(The following is a post by Arlene Balkansky, reference specialist in the Serial and Government Publications Division, and Will Elsbury, military history specialist in the Humanities and Social Sciences Division.) The Library of Congress’ historical newspaper collections are extensive in their coverage of World War I. From the beginning of the war to America’s involvement to […]
Next April begins the centennial of America’s involvement in World War I, from April 6, 1917, when the U.S. Congress formally declared war on the German Empire. It concluded November 11, 1918, with the armistice agreement. I am going to risk embarrassment by confessing that I have retained very little of what I learned about […]
Throughout history, music has been used for celebrations and for memorial events; to sway opinion or highlight a specific point of view; or to encourage people to vote for a particular political candidate.
The following is a guest post by Christopher Pohlhaus, IT (Multi-media) Specialist for the Digital Scan Center, Library of Congress. Of the more than 100,000 collections that are part of the Veterans History Project, approximately 20% are digitized and available online. For those collections that are presented on the Veterans History Project (VHP) website, the […]
One look at Irving Greenwald’s diary is all it takes to bring to mind the old adage “good things come in small packages.” This World War I diary, written by Private Irving Greenwald from December 1917 to January 1919, was donated to the Veterans History Project (VHP) in December 2015 by his family. Original World […]
How can we best document an analysis of film as a primary source? The complex motions, multiple scenes, and pacing can be challenging aspects not only to students analyzing film, but even more so in communicating their analysis and sharing it with others.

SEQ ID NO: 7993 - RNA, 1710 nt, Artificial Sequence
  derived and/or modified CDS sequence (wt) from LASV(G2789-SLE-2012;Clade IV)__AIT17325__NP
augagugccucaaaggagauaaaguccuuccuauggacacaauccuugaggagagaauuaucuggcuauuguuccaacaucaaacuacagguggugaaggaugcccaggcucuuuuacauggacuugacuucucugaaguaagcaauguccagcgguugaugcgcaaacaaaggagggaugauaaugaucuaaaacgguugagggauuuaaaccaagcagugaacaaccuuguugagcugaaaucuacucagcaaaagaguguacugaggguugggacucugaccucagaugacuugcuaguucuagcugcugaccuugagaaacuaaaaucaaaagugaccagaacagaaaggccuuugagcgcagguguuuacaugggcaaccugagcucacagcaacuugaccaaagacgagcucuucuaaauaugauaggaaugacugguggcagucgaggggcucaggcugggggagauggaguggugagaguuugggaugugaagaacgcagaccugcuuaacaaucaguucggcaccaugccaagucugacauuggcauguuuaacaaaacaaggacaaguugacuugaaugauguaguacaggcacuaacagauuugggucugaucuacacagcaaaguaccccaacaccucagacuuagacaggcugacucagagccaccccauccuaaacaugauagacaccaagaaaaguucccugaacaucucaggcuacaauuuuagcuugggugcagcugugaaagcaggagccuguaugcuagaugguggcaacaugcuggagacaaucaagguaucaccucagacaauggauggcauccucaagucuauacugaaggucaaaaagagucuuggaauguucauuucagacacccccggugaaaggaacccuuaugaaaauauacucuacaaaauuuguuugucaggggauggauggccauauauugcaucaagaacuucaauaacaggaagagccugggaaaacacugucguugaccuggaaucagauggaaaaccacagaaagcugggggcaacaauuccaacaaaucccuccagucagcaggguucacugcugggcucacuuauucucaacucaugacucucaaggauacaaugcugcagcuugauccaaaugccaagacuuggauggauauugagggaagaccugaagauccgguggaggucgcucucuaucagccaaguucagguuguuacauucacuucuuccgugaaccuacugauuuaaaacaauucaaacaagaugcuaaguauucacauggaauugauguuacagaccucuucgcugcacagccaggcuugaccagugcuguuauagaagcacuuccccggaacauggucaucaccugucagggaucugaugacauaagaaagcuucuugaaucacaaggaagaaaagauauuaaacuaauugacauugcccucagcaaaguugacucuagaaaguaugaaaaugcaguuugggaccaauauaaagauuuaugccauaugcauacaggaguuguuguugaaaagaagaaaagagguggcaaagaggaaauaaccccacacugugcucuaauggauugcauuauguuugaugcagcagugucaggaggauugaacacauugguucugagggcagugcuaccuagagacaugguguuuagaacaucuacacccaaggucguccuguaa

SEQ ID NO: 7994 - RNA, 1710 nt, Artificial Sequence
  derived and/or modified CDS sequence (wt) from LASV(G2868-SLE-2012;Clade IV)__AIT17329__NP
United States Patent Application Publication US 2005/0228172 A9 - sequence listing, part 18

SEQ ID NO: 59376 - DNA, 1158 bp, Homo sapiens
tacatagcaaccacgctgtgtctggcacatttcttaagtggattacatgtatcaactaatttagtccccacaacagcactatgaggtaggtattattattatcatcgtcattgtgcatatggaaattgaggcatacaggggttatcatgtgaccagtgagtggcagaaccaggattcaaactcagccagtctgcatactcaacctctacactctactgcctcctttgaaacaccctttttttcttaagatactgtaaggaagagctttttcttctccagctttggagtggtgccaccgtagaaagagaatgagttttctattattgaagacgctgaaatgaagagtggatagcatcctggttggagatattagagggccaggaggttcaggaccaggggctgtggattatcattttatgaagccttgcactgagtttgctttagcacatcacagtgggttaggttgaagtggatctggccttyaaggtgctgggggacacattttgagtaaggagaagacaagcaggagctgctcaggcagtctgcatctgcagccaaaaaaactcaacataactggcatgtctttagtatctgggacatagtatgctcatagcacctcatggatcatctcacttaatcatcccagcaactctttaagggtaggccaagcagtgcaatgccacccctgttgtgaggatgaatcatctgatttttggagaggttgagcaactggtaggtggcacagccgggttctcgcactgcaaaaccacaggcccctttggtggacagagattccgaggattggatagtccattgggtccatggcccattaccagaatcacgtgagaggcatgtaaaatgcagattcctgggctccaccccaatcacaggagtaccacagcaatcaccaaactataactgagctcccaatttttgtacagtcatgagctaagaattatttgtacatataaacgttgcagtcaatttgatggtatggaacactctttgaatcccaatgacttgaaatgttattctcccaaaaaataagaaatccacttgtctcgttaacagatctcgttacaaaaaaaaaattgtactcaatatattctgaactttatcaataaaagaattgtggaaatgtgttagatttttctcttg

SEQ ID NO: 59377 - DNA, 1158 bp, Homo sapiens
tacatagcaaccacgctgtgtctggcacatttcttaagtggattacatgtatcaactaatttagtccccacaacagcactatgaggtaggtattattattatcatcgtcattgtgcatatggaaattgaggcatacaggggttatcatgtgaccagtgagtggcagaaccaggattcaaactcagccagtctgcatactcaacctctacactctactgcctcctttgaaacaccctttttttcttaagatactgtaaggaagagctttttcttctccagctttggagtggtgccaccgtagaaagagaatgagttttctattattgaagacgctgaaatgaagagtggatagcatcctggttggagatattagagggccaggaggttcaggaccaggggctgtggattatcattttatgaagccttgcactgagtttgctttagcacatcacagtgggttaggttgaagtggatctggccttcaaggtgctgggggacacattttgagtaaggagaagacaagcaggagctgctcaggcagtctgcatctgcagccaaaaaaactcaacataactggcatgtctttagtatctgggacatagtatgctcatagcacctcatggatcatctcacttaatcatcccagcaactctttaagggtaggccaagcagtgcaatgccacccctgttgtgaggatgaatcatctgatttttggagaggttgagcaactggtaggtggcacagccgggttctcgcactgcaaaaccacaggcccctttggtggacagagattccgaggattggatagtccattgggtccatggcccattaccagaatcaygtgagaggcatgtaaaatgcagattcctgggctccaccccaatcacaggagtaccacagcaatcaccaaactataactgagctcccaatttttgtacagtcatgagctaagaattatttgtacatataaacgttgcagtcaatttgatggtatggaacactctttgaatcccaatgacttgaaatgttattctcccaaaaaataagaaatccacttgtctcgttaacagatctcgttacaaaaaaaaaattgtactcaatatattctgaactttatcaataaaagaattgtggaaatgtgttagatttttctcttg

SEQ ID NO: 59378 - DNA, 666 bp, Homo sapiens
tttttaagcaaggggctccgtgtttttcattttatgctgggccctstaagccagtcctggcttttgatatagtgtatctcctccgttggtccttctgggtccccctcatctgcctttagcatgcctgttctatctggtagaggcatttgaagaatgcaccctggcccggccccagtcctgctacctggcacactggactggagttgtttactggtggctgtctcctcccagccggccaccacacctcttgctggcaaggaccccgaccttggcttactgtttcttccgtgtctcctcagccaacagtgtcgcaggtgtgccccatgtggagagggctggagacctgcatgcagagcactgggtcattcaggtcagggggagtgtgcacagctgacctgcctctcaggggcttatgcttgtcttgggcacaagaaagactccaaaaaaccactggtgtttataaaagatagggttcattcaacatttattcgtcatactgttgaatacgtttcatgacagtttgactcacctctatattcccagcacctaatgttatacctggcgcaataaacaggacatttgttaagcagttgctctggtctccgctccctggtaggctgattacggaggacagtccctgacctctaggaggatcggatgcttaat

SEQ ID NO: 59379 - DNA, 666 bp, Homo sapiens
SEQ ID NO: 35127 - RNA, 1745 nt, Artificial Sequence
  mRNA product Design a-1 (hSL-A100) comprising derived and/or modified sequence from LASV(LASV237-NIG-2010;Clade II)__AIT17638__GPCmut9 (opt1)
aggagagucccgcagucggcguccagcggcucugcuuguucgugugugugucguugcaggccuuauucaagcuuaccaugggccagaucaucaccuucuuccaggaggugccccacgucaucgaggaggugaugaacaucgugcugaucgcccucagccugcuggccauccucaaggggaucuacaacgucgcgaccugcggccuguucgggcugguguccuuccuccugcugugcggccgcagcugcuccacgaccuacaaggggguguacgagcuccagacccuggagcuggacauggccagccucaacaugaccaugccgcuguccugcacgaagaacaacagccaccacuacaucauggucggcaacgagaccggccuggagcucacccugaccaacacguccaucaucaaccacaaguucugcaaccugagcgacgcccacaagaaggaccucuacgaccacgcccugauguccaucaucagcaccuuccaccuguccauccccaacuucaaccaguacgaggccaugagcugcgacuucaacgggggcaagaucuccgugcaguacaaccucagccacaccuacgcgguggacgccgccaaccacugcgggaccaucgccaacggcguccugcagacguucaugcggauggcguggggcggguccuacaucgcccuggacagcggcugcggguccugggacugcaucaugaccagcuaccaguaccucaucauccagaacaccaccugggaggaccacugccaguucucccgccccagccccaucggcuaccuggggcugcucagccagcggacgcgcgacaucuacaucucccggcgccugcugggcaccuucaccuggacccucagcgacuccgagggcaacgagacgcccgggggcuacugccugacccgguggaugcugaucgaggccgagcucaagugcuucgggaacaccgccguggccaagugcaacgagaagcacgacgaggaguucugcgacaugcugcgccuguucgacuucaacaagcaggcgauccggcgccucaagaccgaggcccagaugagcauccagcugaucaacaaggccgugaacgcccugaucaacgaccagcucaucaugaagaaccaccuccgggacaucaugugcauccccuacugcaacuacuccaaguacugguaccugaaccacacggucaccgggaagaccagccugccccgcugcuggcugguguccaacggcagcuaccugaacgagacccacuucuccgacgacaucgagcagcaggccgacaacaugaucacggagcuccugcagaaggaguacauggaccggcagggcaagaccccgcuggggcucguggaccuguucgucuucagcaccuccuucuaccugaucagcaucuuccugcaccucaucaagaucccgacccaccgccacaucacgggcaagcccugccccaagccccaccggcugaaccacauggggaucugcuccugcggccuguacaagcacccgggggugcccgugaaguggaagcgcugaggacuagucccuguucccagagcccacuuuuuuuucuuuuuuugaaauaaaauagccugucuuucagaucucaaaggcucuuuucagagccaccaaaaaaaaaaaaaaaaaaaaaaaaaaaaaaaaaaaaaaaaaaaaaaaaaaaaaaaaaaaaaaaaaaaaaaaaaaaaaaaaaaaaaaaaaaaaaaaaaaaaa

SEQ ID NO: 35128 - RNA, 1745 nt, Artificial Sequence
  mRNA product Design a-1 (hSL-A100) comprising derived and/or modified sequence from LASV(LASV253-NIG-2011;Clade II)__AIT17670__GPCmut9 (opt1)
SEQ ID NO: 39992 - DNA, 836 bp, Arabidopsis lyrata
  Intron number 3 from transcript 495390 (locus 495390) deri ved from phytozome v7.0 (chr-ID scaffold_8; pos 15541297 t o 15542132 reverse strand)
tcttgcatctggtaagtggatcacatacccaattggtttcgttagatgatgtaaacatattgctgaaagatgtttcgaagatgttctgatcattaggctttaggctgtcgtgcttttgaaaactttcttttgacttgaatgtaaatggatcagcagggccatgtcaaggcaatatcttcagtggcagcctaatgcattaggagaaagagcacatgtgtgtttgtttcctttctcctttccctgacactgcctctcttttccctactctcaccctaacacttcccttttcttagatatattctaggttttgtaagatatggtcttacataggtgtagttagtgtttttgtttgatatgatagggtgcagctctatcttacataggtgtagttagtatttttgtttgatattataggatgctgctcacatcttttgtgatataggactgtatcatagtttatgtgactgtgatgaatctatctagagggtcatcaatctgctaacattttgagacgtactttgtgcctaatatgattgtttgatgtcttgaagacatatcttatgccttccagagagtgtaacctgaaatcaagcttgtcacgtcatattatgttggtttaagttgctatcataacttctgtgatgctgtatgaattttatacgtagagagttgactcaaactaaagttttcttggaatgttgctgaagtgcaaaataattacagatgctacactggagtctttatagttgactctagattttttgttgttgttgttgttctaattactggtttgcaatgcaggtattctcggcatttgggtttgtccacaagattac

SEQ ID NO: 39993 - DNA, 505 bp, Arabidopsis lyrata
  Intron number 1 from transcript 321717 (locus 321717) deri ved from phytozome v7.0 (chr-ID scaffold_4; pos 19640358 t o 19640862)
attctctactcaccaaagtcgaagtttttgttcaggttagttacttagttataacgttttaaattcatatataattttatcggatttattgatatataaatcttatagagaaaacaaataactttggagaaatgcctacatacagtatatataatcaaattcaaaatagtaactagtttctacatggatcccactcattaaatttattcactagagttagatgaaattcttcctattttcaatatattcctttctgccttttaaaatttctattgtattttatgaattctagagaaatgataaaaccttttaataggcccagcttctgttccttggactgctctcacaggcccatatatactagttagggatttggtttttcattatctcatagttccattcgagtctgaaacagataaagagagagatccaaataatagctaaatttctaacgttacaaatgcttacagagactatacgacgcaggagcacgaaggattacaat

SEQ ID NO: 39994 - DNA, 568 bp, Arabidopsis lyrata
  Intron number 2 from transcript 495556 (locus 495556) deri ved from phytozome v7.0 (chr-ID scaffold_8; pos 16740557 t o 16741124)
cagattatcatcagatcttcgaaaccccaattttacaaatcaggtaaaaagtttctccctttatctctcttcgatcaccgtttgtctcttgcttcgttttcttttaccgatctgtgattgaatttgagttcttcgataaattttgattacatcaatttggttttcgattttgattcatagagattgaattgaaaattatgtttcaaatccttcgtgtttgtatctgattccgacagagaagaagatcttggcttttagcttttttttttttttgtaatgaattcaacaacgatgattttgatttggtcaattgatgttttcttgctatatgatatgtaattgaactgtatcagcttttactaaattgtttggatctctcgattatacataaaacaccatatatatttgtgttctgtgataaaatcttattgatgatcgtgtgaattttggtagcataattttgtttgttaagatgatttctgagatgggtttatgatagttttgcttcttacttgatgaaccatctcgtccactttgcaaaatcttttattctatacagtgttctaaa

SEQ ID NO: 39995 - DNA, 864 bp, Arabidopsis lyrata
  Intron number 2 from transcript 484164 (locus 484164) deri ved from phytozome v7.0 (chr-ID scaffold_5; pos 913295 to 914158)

“A picture is worth a thousand words.” “The eyes are the window to the soul.” Trite as these sayings may be, they offer possible explanations for why we find portraits—whether they are painted, drawn, or photographed—so compelling. Anyone who has visited the National Portrait Gallery (my personal favorite of the Smithsonian museums), or browsed through […]
Happy 15th birthday to the Veterans History Project! On October 27, 2000, the 106th Congress signed Public Law 106-380, an act “to direct the American Folklife Center at the Library of Congress to establish a program to collect video and audio recordings of personal histories and testimonials of American war veterans, and for other purposes.” […]
During a vacation in New Zealand in September, I was able to visit a new exhibition at Te Papa (New Zealand’s national museum) called Gallipoli: The Scale of Our War. The exhibition, which opened in April, provides insight into this particular aspect of World War I by telling the stories of eight New Zealanders involved […]
War disrupts populations, and refugees fleeing the conflict may leave their country permanently to settle elsewhere. The first World War caused such disruptions throughout Europe, the Middle East, and parts of Asia. Crossing one border was no longer an escape for many of these people on the move. Refugees fled to countries distant from their […]